Feed at the Trough of Targets: Part 1 May 10, 2017  |  C.D. Carter


The key to long-term fantasy football success, like happiness, is probably mundane.

The online beast that is the fantasy football industry dissects every NFL season, every game, every snap, every throw and run and catch and drop and touch and route. But what matters? Isn’t that what we’re chasing?

Route running, success against man coverage and zone coverage, receptions on contested passes: it all matters on some level, I’m sure. Player evaluation isn’t totally without value. Does it matter as much as opportunity? No, it does not. Does anything matter as much as opportunity? No, because opportunity is king. It rules alongside its queen, efficiency (which, by itself, isn’t a predictor of fantasy production). Opportunity has a ruthless army that has conquered all other predictors of fantasy success. This king is brutal, unfeeling.

Here’s the thing: that’s not new.

My Living The Stream co-host and all-around-not-terrible guy, JJ Zachariason, showed last month that over the past five years, nothing correlates with wide receiver fantasy points like opportunity, or targets. The next closest correlation (that isn’t receptions) is market share, which is tied directly to how many footballs are thrown one’s way. JJ wrote…

The reason these rate stats (yards per target, yards per reception, etc.) don’t correlate all that well from one year to the next is due to a compounding number of variables. A wide receiver can be used differently in Year N to Year N+1, a quarterback may play better or worse, and so on. That will change the quality of targets, which will change the denominator in the fraction. Thus, altering the stickiness of the metric.

What follows is hardly a game changer, as the bespectacled TED talkers are wont to say, but a look at the wide receiver opportunity landscape from 10,000 miles in the sky. Think of it as Major Tom’s view of receiver opportunity after 40 years of floating in his tin can, wondering if his wife has left him.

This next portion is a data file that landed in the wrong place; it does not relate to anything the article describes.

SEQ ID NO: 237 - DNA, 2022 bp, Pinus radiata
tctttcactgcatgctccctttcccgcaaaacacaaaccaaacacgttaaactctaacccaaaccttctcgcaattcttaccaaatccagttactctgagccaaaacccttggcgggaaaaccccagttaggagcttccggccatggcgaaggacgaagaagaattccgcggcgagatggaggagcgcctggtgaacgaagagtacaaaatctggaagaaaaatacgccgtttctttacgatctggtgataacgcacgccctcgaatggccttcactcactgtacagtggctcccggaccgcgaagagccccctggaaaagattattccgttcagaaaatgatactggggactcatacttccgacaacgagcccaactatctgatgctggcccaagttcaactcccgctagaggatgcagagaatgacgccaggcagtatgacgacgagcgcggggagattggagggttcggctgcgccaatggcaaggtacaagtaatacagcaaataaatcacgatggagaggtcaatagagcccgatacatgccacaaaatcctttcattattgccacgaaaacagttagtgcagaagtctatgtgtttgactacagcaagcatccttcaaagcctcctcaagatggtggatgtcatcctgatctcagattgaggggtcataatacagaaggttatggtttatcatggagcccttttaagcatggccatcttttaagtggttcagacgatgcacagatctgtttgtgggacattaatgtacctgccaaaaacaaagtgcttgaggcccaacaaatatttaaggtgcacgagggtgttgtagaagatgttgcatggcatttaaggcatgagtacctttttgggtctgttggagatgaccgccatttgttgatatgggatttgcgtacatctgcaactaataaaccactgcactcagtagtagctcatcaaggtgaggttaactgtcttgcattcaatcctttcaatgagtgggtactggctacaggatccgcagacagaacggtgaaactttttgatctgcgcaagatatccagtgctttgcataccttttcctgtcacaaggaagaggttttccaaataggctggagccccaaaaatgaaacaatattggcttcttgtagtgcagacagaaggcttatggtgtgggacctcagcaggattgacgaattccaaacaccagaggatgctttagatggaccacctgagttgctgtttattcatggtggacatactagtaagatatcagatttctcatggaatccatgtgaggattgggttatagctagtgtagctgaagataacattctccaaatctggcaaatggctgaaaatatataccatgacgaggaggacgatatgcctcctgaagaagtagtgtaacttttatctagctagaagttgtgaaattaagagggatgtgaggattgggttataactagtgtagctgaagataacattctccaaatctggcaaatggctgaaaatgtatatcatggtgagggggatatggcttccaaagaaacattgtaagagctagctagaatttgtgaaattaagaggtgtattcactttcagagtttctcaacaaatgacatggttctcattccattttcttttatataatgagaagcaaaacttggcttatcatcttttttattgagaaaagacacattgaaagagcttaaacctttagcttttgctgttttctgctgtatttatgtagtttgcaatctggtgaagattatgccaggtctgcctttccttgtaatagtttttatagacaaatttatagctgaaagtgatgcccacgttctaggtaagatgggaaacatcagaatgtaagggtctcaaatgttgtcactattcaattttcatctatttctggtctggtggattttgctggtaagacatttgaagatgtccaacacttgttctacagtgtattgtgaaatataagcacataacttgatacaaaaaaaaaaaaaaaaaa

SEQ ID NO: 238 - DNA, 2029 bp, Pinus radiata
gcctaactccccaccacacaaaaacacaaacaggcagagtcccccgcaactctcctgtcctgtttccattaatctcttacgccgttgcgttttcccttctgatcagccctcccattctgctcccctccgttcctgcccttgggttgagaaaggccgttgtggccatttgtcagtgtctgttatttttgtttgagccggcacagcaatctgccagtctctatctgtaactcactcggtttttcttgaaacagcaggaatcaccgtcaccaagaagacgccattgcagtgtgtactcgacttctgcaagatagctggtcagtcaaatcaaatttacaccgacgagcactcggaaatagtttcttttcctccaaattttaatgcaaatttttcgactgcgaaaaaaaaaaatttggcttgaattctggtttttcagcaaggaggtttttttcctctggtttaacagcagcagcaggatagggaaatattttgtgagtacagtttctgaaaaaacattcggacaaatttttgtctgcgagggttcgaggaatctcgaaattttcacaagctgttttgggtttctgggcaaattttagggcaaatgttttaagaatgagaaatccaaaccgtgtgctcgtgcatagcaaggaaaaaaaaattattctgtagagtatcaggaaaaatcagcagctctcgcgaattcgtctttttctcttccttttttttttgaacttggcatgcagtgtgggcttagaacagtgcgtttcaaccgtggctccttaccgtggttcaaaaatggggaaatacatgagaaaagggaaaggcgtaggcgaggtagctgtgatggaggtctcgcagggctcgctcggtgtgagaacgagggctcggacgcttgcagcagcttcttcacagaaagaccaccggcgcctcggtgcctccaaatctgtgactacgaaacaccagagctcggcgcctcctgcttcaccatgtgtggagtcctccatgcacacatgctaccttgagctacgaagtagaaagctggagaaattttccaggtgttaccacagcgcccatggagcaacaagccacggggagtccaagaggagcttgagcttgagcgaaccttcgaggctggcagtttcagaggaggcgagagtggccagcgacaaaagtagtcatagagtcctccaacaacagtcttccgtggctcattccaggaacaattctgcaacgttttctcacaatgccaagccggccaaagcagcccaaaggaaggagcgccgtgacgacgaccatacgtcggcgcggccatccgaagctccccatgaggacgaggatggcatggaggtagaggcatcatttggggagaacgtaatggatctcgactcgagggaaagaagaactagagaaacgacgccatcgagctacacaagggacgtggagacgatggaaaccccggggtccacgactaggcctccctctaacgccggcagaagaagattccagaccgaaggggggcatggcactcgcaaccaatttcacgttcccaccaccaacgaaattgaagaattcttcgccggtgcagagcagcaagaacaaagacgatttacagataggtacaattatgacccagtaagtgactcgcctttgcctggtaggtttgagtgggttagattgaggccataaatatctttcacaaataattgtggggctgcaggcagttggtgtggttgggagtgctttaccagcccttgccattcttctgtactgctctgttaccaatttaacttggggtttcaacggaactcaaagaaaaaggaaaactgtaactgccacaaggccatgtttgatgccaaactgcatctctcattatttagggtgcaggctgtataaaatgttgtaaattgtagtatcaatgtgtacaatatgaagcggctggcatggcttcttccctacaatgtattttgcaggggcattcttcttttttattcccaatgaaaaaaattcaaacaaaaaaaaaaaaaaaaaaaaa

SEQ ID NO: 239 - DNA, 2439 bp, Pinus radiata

One hundred targets is an arbitrary cutoff, I know. Any and every cutoff is arbitrary, and numbers aren’t real except for in the mind of a human programmed by the vast simulation in which we exist. Makes you think. Back to the point: I looked at how many wide receivers saw 100 or more targets (a decent measurement for bankable wideout opportunity) from 2006-2016, and while the increase wasn’t perfectly steady, the trend is clear.

 

 

If you’re able to look beyond 2015’s bigly drop in 100-target receivers — a dip that doesn’t look so dramatic when you consider there were four receivers with 99 targets — we see that opportunity in the order of six or so targets per game over 16 games is on the rise. A glance at the high-end target getters shows a noteworthy gap over the past decade, as just seven receivers saw more than 140 targets in 2006, while 11 did in 2016. That number of 140-target wideouts has stayed steady for the past half decade.

This is right in line with a steady uptick in the number of passes thrown by NFL quarterbacks over the past ten years. That, you might say while pushing your glasses up the bridge of your nose, makes sense. The below chart documents the overall average of passes thrown per game by all NFL teams since 2006.

 

 

Running plays have stayed steady over the past quarter century, so this passing uptick is the result of more offensive snaps being run in NFL contests. This rise is clearly steadier than the increase in high-target volume wide receivers. Should you scoff at the above chart, consider this: four more passes per game is 128 more passes per week across the NFL. That increase accounts for 2,048 passes over a full season.

Then there’s the jump in NFL offenses throwing the ball at least 35 times a game. It’s another arbitrary cutoff, I understand. If that makes you upset online, please consult my aforementioned note about the immutably arbitrary nature of numbers.

 

 

The dearth of teams that attempted more than 35 passes per contest in the mid-2000s is fairly remarkable when compared to the abundance of what we might call high-volume passing teams in 2015 and 2016. Probably it won’t cause anyone a medical emergency to see this rise after looking at the overall increase in NFL passes per game. I think this serves as a good box to check in acknowledging that there is more potential wide receiver opportunity today than ever before.

Jeremy Kerley saw more than 100 targets last season. So did Marquis Lee and Tavon Austin. Brandon LaFell and Kenny Britt too. All of those guys were available (very) late in 2016 fantasy drafts, or floundering on your local waiver wire well into the fall (some for good reason). Austin, for example, had one of the worst 100-target campaigns in league history.

Volume doesn’t guarantee fantasy goodness. I’m sorry if that made you fall of your chair. When you’re upright again, consider this: 75.1 percent of wide receivers who have seen more than 100 targets since 2006 have finished the season as a top-24 wideout. For some drafted in the opening rounds, a finish just inside WR2 range is nothing short of a total value disaster. I acknowledge that average draft position context is missing. But it’s good to know that three in four guys getting 100 looks in a season finish inside WR2 range.

I’ll return next month with how we might exploit fantasy ADPs to stockpile fistfuls of targets on the cheap. Until then, rise and do stuff and grind.

 

 

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